Metro

WaterFire faces wrinkle due to federal budget cuts

WaterFire is a major tourist draw for Providence. Downtown rivers are studded with fires, and musicians play along the route, attracting up to 1 million people over the summer.
Mary Beth Meehan
WaterFire is a major tourist draw for Providence. Downtown rivers are studded with fires, and musicians play along the route, attracting up to 1 million people over the summer.

PROVIDENCE — Providence’s public arts display WaterFire is dealing with a watery problem due to automatic federal budget cuts.

The event is one of the city’s most important tourist attractions, drawing up to 1 million visitors annually over a dozen or more nights a year. Downtown rivers are lined with fires, and music, and performers entertain people on the shores. Boaters keep the flames lit for several hours after sundown, gliding from brazier to brazier to add cedar logs to the flames.

But in recent years, silt has caused the water level to drop and navigation to be difficult or impossible on many WaterFire dates. As a temporary fix until the rivers are dredged, the city’s hurricane barrier, which is owned by the Army Corps of Engineers, has been closed to help maintain the water level on WaterFire nights when the tide is too low or too high, which can flood some of the walking paths.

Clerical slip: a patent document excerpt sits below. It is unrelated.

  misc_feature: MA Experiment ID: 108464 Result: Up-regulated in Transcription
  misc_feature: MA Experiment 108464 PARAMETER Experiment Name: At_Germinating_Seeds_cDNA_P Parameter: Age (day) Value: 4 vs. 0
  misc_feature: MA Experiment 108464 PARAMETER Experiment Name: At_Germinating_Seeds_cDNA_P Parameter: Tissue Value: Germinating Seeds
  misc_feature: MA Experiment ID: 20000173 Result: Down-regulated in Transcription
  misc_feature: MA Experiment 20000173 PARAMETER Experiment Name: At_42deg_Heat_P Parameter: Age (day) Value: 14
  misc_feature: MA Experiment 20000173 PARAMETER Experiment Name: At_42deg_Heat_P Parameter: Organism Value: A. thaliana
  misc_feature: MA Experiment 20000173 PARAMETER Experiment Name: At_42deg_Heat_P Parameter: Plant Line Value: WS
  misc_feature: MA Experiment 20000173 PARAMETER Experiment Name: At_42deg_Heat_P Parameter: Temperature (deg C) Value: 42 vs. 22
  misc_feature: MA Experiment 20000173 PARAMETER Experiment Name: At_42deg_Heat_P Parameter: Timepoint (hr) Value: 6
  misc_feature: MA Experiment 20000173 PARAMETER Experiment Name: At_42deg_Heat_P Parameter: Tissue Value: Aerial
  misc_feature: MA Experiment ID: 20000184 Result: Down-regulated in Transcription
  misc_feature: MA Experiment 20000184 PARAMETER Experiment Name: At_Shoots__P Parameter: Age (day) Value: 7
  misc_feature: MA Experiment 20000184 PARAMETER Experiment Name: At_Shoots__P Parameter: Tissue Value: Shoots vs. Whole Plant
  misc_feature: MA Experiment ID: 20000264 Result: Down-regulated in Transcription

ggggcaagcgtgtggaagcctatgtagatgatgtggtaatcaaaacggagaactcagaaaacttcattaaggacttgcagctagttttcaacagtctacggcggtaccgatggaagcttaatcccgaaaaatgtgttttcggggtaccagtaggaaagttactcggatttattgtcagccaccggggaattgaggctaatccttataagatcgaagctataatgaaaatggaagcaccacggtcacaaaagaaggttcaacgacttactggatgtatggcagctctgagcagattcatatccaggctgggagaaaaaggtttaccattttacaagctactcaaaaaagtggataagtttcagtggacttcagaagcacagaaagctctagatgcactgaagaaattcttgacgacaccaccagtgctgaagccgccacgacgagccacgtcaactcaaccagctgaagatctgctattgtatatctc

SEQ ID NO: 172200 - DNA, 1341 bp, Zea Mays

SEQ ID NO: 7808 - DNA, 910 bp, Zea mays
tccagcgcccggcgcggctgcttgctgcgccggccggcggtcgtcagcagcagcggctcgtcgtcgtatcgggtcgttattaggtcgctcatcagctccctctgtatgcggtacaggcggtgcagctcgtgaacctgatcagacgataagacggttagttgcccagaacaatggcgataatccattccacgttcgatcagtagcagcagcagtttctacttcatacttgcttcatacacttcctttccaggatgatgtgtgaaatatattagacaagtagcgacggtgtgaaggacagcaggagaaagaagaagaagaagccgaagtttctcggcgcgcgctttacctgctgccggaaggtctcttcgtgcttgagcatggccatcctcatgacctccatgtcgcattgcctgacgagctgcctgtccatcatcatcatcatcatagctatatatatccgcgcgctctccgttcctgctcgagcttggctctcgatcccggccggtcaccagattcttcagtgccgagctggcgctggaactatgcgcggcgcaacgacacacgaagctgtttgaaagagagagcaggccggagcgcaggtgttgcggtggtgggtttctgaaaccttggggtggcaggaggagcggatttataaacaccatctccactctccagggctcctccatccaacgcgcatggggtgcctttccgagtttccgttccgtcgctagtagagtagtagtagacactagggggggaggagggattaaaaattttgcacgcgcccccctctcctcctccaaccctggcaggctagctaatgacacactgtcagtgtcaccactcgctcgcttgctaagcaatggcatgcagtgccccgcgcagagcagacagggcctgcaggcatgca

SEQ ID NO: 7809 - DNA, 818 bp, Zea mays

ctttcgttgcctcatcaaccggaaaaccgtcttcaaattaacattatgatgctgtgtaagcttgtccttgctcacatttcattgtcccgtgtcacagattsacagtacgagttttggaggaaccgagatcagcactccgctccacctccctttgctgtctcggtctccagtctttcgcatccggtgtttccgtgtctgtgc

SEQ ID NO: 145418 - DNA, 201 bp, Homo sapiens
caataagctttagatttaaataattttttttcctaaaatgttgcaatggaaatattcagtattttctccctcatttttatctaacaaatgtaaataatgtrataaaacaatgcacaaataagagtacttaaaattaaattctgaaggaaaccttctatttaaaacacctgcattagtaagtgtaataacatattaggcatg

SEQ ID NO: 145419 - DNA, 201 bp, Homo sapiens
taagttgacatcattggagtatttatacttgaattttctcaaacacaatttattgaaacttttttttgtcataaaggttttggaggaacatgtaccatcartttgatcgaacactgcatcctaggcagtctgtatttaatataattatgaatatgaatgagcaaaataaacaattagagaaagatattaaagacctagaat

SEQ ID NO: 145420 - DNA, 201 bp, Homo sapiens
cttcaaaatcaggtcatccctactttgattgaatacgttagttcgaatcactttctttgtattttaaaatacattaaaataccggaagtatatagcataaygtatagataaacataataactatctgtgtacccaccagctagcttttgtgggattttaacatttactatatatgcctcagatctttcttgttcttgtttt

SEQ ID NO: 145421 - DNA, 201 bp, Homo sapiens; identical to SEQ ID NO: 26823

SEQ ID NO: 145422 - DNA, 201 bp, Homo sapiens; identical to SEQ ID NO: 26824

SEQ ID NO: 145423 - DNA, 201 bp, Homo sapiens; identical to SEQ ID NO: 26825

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WaterFire creator Barnaby Evans on Monday said the Army Corps told organizers about a week ago that it may no longer have the budget to close the barrier because of the federal government’s automatic budget cuts. Evans said that makes his job more complicated, but he is working with the state’s congressional delegation and believes they will be able to arrive at a solution.

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‘‘We remain confident that we will have a season, that we will resolve the issues, but at the moment, we are still resolving the path to that,’’ he said.

Evans said WaterFire had asked the Army Corps to close the hurricane barrier for 11 of the planned 14 dates in 2013 One of those dates is May 25, the first WaterFire of the year. Evans said the opening will go on as scheduled, even though flooding is predicted on the lowest paths.

Tim Dugan, a spokesman for the Army Corps in New England, said the agency has not yet received formal word on how the automatic budget cuts will affect its operations.